Genovese v. Genovese

Annotate this Case

338 Mass. 50 (1958)

153 N.E.2d 662

ROSE GENOVESE & another vs. JAMES GENOVESE & others.

Supreme Judicial Court of Massachusetts, Berkshire.

September 25, 1958.

November 7, 1958.


Lincoln S. Cain, for the contestants.

L. George Reder, (Santino C. Cornelio with him,) for the petitioner.


This is an appeal from a decree allowing the will of Charles Genovese, late of Pittsfield. The petitioner, named as executrix, is his second wife. The appellants are children by his late first wife who contested the will and joined in a motion for jury issues. After an issue of soundness of mind was framed for trial in the Superior Court, the verdict decided that issue in the affirmative.

Thereafter the matter of the allowance of the will was heard in the Probate Court. Counsel then stipulated that "the issue of undue influence is not to be tried, the only issue being proper execution of said will."

The testimony in the Probate Court was entirely by the three attesting witnesses. The judge filed a report of the material facts found by him. The testator signed the instrument purporting to be his will at the law office of his attorney, who acted as one of the witnesses. The other witnesses were a dentist and an architect, who were tenants in the same building. The attorney, in the presence of the testator and the other witnesses, asked if the instrument was his will; and the testator said that it was, that he had read and understood it, and wanted them to act as witnesses to his signature. The testator then signed each page in the presence of the three witnesses, and they, in his presence and in the presence of each other, signed as witnesses. In addition to signing in the usual place at the end, the witnesses initialed each page beside the testator's signature. The witnesses were all of sufficient understanding and competent to witness a will.

When the architect and dentist were on the stand, counsel for the appellants asked each witness whether on the occasion of signing the will he had formed an opinion that the testator was of sound mind. Upon objection, the question was excluded, and the appellants made an offer of proof that the witness's answer would be "No."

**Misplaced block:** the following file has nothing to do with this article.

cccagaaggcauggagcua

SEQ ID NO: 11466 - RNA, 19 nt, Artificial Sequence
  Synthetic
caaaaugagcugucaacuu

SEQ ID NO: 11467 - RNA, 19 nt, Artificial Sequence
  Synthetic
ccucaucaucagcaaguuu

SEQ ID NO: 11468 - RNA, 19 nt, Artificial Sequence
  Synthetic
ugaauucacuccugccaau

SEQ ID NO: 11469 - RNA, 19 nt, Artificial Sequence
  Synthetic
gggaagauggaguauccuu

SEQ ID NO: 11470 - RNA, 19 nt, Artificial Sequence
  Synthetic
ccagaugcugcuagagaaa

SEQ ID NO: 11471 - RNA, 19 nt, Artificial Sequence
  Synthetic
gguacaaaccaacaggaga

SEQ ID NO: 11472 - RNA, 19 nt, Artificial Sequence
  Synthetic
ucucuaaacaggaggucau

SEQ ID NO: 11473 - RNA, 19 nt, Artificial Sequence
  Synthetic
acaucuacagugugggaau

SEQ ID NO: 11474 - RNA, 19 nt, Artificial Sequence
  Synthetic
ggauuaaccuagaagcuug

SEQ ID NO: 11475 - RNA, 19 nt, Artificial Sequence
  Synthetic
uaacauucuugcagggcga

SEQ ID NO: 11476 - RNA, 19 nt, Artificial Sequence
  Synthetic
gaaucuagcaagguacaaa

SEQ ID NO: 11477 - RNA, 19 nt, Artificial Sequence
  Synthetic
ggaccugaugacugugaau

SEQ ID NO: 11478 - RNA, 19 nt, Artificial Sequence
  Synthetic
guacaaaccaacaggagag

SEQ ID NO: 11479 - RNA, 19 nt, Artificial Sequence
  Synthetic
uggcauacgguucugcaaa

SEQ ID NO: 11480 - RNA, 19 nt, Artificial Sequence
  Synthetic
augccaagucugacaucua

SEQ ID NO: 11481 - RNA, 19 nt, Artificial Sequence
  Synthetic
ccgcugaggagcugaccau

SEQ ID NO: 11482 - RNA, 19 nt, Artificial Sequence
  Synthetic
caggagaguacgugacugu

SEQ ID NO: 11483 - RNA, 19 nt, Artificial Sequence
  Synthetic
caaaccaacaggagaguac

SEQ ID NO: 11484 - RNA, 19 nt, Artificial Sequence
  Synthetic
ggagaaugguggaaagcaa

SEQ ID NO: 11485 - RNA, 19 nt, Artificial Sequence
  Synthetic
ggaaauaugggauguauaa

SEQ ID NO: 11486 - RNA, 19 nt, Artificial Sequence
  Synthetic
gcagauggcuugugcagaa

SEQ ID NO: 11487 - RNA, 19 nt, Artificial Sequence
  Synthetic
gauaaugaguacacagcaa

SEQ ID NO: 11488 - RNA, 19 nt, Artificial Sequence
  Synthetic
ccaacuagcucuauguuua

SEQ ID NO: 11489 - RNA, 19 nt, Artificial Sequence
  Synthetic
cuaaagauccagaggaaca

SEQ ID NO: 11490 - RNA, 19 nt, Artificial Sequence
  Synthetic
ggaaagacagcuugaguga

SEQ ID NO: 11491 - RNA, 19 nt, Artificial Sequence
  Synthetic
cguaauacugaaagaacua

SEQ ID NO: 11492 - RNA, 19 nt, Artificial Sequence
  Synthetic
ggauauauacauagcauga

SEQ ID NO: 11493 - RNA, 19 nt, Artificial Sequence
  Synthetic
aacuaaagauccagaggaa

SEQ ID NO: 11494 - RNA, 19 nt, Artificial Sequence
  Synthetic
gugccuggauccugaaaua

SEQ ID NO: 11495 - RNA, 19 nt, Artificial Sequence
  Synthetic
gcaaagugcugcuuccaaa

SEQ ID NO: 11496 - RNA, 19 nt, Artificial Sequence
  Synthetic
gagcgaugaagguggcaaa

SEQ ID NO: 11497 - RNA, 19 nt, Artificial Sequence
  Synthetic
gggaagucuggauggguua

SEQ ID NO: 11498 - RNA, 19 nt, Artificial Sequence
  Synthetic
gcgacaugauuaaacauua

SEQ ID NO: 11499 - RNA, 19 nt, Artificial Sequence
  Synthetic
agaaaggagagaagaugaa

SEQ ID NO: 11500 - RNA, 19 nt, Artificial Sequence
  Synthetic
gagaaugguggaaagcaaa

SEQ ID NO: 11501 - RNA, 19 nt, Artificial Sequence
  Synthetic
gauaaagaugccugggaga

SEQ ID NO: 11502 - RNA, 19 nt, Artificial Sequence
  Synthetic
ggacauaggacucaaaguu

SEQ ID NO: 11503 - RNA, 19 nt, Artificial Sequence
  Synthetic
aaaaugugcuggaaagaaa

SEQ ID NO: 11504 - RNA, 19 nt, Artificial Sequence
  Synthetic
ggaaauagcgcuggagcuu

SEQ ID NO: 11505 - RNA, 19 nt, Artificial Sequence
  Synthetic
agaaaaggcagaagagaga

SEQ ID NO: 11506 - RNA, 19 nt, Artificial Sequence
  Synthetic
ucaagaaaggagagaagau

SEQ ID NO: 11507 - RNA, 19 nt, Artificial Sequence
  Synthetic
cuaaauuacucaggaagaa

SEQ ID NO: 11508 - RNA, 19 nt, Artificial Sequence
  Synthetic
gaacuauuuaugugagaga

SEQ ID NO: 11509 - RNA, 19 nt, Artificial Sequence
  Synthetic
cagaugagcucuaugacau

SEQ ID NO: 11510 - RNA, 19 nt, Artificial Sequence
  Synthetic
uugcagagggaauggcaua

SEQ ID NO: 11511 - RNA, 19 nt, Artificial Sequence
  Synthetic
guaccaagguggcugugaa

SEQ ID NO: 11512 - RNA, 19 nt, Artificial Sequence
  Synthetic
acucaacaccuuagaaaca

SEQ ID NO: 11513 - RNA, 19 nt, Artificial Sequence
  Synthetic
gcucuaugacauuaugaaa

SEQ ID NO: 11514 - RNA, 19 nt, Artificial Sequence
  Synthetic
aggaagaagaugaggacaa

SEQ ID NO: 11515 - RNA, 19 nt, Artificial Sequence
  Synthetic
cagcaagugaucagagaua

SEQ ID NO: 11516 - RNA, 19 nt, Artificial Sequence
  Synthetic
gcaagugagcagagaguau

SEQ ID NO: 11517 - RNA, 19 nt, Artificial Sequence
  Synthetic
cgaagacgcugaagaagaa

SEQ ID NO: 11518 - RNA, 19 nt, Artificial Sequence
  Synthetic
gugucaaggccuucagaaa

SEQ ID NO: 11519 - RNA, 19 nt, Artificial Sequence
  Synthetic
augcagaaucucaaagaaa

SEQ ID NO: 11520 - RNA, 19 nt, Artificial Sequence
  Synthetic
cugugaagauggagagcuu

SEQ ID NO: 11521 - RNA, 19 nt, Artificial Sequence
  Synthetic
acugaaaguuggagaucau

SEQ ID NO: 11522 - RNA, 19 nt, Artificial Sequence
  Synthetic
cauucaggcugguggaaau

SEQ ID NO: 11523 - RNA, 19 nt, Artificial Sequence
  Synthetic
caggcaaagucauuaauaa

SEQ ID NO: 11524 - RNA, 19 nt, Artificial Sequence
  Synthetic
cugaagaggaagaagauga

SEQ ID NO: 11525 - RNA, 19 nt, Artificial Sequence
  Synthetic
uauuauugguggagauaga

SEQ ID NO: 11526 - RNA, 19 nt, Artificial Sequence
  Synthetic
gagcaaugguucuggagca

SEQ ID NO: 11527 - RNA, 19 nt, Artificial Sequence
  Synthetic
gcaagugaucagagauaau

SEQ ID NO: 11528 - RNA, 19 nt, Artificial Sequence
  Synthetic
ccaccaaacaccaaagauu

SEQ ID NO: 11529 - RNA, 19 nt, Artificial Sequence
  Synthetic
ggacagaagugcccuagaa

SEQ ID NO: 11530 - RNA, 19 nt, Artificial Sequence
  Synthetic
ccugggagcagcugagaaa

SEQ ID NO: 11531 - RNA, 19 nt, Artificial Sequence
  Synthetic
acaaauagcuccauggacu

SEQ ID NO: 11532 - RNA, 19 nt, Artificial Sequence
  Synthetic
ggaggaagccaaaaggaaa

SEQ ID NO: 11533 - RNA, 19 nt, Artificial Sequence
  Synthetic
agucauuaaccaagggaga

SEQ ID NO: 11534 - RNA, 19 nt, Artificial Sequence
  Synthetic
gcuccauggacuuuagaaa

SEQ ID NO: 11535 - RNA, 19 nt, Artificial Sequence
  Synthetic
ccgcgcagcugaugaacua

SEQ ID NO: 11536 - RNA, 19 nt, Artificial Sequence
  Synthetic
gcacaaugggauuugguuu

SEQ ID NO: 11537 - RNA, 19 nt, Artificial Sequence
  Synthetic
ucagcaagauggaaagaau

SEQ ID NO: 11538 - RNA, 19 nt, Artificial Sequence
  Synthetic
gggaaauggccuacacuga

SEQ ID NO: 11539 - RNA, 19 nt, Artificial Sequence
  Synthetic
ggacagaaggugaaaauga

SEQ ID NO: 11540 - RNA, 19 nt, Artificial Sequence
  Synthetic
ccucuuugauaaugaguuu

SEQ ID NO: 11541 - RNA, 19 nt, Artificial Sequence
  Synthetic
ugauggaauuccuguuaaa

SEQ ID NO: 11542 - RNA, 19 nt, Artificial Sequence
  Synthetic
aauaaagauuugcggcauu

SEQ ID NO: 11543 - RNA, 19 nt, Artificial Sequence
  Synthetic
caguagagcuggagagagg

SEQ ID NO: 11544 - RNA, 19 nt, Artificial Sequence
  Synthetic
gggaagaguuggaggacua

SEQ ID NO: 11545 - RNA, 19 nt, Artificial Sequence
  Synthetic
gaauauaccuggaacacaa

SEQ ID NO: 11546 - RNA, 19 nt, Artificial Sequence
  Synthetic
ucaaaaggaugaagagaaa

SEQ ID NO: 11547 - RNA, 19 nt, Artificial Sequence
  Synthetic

On cross-examination an offer of proof is, as a rule, not required, but enough must appear to show error. Donahue v. Kenney, 330 Mass. 9, 13. Perry v. Carter, 332 Mass. 508, 513. The alleged error here is that there was insufficient *52 evidence of attestation because of noncompliance with G.L. (Ter. Ed.) c. 191, § 1,[1] in that two witnesses failed in their duty to evaluate the testator's soundness of mind. The consequence urged upon us is that the will, which is regular on its face, has become lost in a hidden pitfall inadvertently dug by the attesting witnesses.

The issue before the judge was not whether the testator was of sound mind at the time of the execution of the instrument. That question had been settled by the jury. Crocker v. Crocker, 188 Mass. 16, 18-19. Dunster v. Goward, 221 Mass. 339, 340-341. That that question was so settled is implicit in the stipulation of counsel. The issue before the judge was whether the instrument propounded for probate was executed according to law. "That issue involves not only the points of signature by the testator and of proper attestation by the witnesses, but also of knowledge by the testator of the contents of the instrument." Fuller v. Sylvia, 240 Mass. 49, 54.

To accept the argument of the appellants would lead to the result that whenever there are not three witnesses who can each testify that he formed an opinion as to the mental capacity of the testator, the proffered will must be rejected as lacking in proper execution. This result would be at variance with a common sense view of the practical affairs of life, and we cannot reach it. Such a result would also be at variance with the statement of this court in Hammill v. Weeks, 225 Mass. 245, 246, where Chief Justice Rugg said: "The contention of the appellants in substance is that each attesting witness must testify categorically and affirmatively to every fact required for the due execution of a will. Clearly such a contention is not sound."